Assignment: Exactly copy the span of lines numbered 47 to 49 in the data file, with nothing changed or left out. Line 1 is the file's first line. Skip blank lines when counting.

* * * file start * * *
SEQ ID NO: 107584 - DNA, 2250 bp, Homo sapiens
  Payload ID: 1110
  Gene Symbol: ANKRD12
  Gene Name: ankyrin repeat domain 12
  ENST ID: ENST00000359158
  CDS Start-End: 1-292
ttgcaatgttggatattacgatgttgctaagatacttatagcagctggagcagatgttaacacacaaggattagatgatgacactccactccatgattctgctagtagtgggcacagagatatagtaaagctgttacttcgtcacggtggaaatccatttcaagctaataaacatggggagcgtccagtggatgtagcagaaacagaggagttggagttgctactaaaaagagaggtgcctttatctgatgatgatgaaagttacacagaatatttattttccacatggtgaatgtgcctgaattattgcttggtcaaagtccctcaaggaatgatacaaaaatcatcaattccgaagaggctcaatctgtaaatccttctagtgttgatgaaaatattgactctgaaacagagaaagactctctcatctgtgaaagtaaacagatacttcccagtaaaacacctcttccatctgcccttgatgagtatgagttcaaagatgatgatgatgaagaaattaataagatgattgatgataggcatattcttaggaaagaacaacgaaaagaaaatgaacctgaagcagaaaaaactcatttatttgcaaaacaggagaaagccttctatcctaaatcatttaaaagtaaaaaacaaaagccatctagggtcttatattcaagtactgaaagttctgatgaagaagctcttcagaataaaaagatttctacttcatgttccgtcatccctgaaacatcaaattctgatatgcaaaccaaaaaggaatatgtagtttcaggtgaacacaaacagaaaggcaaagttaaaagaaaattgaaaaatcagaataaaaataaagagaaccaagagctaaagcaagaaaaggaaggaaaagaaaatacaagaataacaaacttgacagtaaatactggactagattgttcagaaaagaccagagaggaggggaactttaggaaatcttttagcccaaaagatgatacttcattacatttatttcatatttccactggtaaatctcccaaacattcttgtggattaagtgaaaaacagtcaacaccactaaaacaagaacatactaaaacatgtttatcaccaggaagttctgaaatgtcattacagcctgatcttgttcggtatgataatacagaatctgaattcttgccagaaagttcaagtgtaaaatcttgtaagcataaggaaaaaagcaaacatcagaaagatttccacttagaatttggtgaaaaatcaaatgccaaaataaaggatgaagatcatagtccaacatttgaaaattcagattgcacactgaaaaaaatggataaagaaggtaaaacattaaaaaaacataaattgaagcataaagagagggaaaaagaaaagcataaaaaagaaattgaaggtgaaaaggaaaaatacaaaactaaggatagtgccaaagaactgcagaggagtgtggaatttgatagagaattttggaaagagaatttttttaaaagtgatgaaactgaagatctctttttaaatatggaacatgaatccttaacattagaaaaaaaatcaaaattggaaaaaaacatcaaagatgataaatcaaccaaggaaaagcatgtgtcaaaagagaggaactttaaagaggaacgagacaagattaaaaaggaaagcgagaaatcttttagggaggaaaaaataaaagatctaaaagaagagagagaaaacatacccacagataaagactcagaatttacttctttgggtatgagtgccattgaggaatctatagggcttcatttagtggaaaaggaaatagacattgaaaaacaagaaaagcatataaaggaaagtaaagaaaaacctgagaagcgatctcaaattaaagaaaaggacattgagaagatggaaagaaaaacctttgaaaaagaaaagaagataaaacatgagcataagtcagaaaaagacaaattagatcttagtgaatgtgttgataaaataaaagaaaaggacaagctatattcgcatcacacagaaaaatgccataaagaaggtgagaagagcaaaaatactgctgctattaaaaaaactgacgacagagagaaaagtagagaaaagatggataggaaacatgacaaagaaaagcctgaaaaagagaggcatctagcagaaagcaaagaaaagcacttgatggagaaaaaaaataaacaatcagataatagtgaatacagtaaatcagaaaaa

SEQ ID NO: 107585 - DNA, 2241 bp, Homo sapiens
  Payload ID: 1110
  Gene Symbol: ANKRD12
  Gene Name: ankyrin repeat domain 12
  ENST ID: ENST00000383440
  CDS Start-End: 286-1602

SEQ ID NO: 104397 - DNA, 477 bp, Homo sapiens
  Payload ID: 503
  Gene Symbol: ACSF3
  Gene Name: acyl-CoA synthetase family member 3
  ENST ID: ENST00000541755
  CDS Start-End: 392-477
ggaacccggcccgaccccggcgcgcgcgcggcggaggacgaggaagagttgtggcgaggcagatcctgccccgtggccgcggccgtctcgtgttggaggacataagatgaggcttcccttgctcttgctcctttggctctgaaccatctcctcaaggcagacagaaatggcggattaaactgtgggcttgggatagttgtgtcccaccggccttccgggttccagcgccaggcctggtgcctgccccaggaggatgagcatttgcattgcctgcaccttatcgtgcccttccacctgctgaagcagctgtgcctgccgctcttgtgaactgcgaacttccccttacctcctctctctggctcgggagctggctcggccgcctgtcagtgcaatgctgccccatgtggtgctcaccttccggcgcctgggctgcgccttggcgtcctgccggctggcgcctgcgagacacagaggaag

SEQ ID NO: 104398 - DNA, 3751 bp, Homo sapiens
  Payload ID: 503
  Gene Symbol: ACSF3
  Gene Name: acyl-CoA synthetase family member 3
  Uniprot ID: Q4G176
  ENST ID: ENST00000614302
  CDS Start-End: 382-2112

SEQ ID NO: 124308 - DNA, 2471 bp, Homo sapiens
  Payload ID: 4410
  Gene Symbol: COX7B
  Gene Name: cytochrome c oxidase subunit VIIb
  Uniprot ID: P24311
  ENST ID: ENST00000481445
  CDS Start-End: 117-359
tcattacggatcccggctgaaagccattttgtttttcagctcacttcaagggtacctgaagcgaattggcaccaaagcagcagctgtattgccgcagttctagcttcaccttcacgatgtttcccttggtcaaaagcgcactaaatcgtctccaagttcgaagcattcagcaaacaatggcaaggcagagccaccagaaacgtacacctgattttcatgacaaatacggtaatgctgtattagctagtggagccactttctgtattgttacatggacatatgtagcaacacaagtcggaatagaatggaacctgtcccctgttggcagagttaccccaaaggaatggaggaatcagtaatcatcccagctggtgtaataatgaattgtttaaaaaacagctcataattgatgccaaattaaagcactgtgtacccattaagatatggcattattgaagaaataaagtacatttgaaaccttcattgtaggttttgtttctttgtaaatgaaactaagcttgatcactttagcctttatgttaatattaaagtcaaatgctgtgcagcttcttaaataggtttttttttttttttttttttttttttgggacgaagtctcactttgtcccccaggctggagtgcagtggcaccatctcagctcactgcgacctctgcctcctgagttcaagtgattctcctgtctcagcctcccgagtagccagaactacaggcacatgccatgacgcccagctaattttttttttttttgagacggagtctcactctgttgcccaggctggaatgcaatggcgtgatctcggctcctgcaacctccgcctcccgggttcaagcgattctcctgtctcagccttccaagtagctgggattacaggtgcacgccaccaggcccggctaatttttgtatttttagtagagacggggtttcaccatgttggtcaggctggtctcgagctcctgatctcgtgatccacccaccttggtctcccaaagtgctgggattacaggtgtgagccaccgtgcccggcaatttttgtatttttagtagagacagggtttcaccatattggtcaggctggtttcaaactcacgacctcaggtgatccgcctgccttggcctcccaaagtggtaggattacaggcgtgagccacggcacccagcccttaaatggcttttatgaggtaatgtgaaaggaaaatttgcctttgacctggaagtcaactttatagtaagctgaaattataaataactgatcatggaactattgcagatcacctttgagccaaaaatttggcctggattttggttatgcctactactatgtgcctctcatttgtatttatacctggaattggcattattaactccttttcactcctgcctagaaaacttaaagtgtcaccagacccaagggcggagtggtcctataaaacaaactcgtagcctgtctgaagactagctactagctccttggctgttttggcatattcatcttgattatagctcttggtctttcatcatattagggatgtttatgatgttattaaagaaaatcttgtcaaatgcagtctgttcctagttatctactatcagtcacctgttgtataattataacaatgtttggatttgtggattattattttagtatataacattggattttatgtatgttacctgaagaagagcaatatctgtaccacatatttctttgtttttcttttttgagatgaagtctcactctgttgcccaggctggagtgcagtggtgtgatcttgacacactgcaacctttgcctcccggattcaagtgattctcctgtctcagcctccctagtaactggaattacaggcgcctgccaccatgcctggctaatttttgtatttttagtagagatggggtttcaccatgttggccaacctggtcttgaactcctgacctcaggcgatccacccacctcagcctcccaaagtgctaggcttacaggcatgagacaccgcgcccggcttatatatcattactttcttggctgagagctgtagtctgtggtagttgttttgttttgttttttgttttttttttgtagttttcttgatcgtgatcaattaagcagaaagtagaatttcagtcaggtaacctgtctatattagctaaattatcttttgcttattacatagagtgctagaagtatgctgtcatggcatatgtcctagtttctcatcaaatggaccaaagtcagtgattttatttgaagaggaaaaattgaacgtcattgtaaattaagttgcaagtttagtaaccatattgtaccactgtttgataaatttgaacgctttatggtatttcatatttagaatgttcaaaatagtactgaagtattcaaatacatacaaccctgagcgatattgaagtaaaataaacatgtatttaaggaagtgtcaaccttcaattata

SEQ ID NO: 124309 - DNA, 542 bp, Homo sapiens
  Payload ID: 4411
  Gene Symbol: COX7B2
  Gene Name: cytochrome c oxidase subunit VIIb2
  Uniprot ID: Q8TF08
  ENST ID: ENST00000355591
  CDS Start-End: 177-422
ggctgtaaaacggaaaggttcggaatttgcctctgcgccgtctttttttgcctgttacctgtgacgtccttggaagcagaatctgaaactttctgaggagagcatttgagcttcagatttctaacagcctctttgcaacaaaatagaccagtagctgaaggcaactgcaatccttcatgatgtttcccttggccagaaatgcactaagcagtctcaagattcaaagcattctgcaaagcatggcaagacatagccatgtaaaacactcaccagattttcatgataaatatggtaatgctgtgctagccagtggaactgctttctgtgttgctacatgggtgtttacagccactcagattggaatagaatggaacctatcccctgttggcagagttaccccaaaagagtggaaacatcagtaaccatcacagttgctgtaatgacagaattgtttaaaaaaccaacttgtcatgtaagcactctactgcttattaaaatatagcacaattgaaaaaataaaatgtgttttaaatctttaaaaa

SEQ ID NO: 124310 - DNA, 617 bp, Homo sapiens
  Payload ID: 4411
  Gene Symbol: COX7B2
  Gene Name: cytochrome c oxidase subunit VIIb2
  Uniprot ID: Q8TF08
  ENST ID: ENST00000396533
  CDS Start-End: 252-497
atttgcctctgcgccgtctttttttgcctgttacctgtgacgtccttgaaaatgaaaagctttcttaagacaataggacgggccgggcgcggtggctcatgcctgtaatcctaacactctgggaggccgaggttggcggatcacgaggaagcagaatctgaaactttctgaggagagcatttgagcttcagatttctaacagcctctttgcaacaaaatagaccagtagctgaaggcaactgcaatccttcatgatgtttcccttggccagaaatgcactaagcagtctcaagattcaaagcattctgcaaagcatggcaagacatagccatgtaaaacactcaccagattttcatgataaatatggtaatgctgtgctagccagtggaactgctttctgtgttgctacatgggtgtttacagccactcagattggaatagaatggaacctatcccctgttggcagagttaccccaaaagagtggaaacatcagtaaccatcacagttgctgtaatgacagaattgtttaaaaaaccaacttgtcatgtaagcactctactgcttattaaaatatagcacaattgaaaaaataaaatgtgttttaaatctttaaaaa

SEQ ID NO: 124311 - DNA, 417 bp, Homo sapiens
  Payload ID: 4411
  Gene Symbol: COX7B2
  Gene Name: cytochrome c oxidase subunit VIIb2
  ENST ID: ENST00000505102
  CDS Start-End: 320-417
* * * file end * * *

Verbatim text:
  Gene Name: cytochrome c oxidase subunit VIIb2
  Uniprot ID: Q8TF08
  ENST ID: ENST00000396533